We women were with Jesus when he died. The men had run away – except
John, who was with Jesus’ mother. We women served him for three years
while he went around teaching and preaching to anyone who wanted to
listen. And to some who didn’t like what they heard. We served him and
helped him with our money.
The end was terrible. I hated the dirt. His pain. The noise of that
screaming mob. We women saw it. His mother Mary, Mary Magdalene,
Salome, and other women. We stayed with him till it was over, and we
prepared his body for the tomb.
I said I followed him, but it was my sons I followed – James and
Joses. They left good jobs – put their tools on the ground when he
called them. They said there was nothing else to do. I was angry. They
could have married, raised families. Children. My grandchildren.
When they began to travel with their teacher, I went along too. Can
you blame me? I’m a widow. A woman with no family can’t survive. My
sons were supposed to take care of me, and now I was taking care of
He called himself the light of the world. He was always talking about
love. Love your neighbor as you do yourselves. Love God with your
whole heart and your whole soul and your whole mind and your whole
strength. Love your enemy. Do good to those who hate you. Love
yourself because God loves you. Always love. I began to like being
It was almost Passover. We were in Bethany one evening at Simon’s
house – he had been a leper but Jesus had cured him, made him whole
again. A woman I’d never seen before entered carrying an alabaster
jar. In the jar was expensive perfume. The woman poured the perfume on
Jesus’ head. The smell was intoxicating. I thought I could live the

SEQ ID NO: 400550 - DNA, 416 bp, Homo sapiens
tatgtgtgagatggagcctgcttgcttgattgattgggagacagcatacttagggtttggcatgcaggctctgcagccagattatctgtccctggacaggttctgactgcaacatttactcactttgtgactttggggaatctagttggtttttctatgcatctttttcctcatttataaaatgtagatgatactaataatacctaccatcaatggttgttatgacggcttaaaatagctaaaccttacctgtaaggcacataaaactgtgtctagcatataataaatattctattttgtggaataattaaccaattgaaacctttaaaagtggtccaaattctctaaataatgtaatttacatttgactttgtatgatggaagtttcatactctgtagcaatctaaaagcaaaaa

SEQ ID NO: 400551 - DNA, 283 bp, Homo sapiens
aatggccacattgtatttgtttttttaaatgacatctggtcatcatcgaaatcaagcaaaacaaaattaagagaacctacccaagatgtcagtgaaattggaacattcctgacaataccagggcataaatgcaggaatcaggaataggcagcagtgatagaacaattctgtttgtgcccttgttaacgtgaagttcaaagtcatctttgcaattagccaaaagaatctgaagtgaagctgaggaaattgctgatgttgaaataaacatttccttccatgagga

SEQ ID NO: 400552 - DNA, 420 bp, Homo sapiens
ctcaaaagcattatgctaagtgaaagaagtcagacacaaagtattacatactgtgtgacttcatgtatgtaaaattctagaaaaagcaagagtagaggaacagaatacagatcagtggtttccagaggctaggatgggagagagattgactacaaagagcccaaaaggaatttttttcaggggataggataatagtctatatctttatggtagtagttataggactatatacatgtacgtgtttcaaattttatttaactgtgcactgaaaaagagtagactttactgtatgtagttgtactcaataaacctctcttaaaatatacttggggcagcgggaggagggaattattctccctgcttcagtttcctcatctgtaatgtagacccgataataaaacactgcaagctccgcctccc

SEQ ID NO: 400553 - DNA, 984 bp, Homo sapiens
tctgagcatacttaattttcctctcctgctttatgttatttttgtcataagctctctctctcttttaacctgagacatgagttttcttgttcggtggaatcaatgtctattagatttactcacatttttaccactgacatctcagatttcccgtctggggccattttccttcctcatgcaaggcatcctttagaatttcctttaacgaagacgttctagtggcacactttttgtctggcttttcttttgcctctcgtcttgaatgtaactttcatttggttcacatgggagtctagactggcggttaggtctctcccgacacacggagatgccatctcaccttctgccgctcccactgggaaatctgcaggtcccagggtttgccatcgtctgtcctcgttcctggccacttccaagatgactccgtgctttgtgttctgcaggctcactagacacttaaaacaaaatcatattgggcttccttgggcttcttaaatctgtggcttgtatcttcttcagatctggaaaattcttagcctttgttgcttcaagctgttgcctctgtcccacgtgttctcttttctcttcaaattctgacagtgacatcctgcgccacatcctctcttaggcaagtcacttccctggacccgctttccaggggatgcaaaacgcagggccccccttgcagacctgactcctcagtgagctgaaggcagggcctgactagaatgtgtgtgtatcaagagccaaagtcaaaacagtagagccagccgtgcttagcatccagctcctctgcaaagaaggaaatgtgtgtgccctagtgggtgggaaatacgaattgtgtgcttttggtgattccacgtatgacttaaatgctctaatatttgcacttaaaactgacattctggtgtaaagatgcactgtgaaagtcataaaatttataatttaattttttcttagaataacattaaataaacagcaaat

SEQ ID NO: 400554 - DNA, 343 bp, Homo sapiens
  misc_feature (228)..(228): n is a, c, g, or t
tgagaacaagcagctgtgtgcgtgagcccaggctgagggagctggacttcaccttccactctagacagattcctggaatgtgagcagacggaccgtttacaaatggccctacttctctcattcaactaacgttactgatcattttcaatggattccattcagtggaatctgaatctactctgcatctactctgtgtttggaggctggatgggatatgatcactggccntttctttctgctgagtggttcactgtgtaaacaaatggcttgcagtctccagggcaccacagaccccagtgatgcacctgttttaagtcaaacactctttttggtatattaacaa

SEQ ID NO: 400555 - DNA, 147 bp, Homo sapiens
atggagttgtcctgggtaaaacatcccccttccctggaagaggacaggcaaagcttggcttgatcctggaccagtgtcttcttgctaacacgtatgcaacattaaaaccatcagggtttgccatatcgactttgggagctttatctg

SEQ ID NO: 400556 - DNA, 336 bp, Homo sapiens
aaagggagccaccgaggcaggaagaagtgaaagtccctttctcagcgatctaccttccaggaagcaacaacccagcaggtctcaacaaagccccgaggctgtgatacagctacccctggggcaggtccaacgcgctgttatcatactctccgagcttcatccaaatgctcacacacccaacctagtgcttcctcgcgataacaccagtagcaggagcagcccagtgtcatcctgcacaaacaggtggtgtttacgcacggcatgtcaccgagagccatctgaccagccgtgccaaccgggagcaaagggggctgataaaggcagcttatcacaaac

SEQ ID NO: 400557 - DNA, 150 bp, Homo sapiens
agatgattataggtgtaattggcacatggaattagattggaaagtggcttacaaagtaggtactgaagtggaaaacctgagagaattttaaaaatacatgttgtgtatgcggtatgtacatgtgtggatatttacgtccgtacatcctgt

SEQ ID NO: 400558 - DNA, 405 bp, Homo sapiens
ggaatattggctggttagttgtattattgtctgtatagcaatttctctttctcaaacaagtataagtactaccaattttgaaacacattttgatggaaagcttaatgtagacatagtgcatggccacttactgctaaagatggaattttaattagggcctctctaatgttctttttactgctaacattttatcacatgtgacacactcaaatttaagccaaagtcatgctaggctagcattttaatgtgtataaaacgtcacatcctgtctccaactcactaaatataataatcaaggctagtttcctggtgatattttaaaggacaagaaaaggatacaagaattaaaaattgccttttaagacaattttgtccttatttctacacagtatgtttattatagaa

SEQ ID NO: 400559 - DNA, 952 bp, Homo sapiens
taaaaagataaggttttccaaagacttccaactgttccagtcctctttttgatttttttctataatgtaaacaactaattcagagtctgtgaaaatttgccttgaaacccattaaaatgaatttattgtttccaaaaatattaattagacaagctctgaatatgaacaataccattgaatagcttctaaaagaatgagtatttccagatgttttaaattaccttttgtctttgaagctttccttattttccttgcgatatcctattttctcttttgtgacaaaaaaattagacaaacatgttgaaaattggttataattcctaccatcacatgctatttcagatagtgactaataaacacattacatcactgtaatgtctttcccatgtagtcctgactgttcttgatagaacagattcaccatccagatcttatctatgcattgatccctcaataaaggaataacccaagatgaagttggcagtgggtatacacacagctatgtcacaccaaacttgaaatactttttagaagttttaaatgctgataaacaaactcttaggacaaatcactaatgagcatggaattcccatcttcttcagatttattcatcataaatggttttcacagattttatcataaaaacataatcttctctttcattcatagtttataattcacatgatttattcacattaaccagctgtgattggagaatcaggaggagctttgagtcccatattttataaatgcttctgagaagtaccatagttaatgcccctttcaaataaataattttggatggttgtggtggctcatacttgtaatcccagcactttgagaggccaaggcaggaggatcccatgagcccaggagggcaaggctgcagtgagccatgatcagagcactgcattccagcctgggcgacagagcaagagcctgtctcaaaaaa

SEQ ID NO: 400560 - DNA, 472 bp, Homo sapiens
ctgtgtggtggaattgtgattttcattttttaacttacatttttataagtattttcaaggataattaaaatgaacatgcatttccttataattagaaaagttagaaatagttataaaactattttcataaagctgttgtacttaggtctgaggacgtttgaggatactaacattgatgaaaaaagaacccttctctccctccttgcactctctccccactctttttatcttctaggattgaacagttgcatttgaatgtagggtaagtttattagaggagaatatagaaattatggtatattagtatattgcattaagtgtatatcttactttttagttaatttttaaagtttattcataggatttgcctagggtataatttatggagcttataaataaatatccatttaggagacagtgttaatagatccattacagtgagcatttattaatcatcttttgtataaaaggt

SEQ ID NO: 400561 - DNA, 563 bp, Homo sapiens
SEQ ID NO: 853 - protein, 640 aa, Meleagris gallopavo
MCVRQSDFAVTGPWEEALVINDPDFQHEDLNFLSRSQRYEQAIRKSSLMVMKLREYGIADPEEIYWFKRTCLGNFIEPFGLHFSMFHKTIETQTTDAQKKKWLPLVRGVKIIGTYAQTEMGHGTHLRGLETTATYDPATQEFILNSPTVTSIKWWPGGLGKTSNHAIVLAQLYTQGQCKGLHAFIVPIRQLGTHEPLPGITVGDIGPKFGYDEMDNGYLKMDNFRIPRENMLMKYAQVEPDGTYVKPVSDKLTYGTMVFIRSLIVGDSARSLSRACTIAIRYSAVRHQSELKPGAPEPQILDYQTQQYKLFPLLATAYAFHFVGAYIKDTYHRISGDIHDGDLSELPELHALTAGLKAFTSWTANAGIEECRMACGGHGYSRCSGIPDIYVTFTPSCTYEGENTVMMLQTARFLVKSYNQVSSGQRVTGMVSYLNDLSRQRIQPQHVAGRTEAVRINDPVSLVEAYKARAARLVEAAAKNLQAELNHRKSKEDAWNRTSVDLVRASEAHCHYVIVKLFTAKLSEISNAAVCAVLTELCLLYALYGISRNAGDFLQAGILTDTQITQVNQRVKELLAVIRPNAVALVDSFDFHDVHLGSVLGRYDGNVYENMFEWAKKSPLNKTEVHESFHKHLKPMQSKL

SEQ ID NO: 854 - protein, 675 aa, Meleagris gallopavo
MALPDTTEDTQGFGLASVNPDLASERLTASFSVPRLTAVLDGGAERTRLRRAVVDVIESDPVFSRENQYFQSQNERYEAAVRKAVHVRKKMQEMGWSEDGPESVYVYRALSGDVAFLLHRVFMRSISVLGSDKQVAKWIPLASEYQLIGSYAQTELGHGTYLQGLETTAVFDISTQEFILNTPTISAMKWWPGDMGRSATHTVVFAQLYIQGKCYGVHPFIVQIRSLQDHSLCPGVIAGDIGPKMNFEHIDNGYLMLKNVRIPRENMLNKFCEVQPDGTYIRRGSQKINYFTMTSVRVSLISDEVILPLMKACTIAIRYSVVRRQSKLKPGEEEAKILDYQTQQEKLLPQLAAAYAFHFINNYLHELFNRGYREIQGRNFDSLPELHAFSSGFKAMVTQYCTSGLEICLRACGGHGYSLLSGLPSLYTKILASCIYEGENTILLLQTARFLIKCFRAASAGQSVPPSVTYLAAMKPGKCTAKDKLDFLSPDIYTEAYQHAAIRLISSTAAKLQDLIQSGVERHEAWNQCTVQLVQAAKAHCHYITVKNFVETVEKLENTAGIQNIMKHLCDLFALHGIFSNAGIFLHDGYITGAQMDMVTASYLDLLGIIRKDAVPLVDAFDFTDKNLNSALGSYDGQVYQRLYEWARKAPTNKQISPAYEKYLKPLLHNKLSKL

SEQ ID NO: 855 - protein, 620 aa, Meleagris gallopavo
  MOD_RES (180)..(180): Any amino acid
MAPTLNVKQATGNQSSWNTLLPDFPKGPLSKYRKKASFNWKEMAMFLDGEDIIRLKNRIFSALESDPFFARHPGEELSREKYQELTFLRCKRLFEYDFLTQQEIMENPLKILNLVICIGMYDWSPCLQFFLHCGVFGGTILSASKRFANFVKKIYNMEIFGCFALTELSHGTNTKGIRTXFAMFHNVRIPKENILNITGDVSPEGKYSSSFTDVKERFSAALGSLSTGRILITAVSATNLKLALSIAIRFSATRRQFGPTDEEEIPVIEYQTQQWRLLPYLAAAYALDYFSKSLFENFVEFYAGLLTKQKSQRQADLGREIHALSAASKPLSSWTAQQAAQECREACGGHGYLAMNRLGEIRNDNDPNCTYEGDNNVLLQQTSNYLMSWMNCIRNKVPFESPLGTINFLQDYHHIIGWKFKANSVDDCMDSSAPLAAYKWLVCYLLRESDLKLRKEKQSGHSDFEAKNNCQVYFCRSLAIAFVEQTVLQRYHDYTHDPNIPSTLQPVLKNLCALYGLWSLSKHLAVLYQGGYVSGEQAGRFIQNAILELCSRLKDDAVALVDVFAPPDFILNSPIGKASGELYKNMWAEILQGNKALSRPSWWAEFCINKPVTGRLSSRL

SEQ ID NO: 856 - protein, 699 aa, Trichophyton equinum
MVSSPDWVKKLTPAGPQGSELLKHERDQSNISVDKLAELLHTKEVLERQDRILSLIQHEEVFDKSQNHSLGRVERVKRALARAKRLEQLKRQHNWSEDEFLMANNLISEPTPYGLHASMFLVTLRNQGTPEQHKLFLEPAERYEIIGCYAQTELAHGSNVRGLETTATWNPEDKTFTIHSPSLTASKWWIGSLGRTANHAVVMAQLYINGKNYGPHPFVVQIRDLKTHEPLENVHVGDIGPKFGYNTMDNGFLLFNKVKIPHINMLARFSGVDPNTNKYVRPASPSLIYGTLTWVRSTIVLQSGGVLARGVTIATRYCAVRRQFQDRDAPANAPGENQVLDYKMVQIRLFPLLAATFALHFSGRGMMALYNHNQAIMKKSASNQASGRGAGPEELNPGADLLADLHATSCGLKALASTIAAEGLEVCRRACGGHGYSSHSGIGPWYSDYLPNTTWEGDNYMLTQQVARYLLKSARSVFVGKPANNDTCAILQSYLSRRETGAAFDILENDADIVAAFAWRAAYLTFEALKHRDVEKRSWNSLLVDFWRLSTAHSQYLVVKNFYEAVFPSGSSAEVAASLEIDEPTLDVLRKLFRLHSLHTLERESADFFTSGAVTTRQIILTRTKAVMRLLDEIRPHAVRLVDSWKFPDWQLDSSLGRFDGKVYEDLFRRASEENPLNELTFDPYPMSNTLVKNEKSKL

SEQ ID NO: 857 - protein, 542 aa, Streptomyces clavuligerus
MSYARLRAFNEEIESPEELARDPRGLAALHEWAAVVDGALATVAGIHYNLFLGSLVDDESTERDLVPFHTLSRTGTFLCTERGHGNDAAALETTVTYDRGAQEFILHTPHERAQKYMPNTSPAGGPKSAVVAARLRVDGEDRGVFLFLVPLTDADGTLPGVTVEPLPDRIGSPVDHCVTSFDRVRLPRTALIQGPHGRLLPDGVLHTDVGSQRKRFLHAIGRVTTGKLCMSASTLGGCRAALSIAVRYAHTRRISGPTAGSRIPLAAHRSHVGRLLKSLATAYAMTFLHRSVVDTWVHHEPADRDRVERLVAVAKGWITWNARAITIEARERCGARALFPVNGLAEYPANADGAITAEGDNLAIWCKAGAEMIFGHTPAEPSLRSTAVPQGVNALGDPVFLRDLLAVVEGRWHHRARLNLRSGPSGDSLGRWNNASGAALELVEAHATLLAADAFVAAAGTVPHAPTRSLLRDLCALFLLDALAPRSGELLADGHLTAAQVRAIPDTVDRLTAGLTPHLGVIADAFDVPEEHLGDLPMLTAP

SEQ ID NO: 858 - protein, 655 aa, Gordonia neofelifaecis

rest of my life in that wonderful smell. Some of the men were furious:
“Why are you wasting this perfume?” they said. “We could have sold it
for over three hundred silver pieces and given the money to the poor.”
But Jesus scolded them: “Let her alone,” he said. “Why judge her? The
poor you will always have with you, but you will not always have me.
She is preparing me for my burial. Wherever the good news is
proclaimed throughout the world, what she has done will be told to
Then Judas Iscariot, one of the Twelve, stood up quickly. He seemed
angry. My son James asked what was the matter. But Judas didn’t
answer. He just left Simon’s house without looking back.
On the first day of Unleavened Bread, we celebrated the Passover
supper in a large upstairs room in Jerusalem. At the table, Jesus
talked about dying. He said that he was going home to his Father. He
said, “I give you my word, one of you is about to betray me, yes, one
who is eating with me.”
The men all said to him, “Surely not I!” We women – what could we say?
– we had served him and learned to love him and didn’t care about
power and being on his right hand and being the greatest and judging
the tribes of Israel, we women didn’t say anything.
Then he took bread, blessed and broke it, and gave it to all of us.
“Take this,” he said, “this is my body.” He took a cup, gave thanks to
his Father, and gave it to us, and we all drank from it. He said to
us: “This is my blood, the blood of the covenant, to be poured out on
behalf of many. I solemnly assure you, I will not again drink of the
fruit of the vine until the day I drink it in the reign of God.” Then
he said, “Do this to remember me.”
We didn’t understand what he was saying, but we ALL– the women and
the men – we all ate and drank.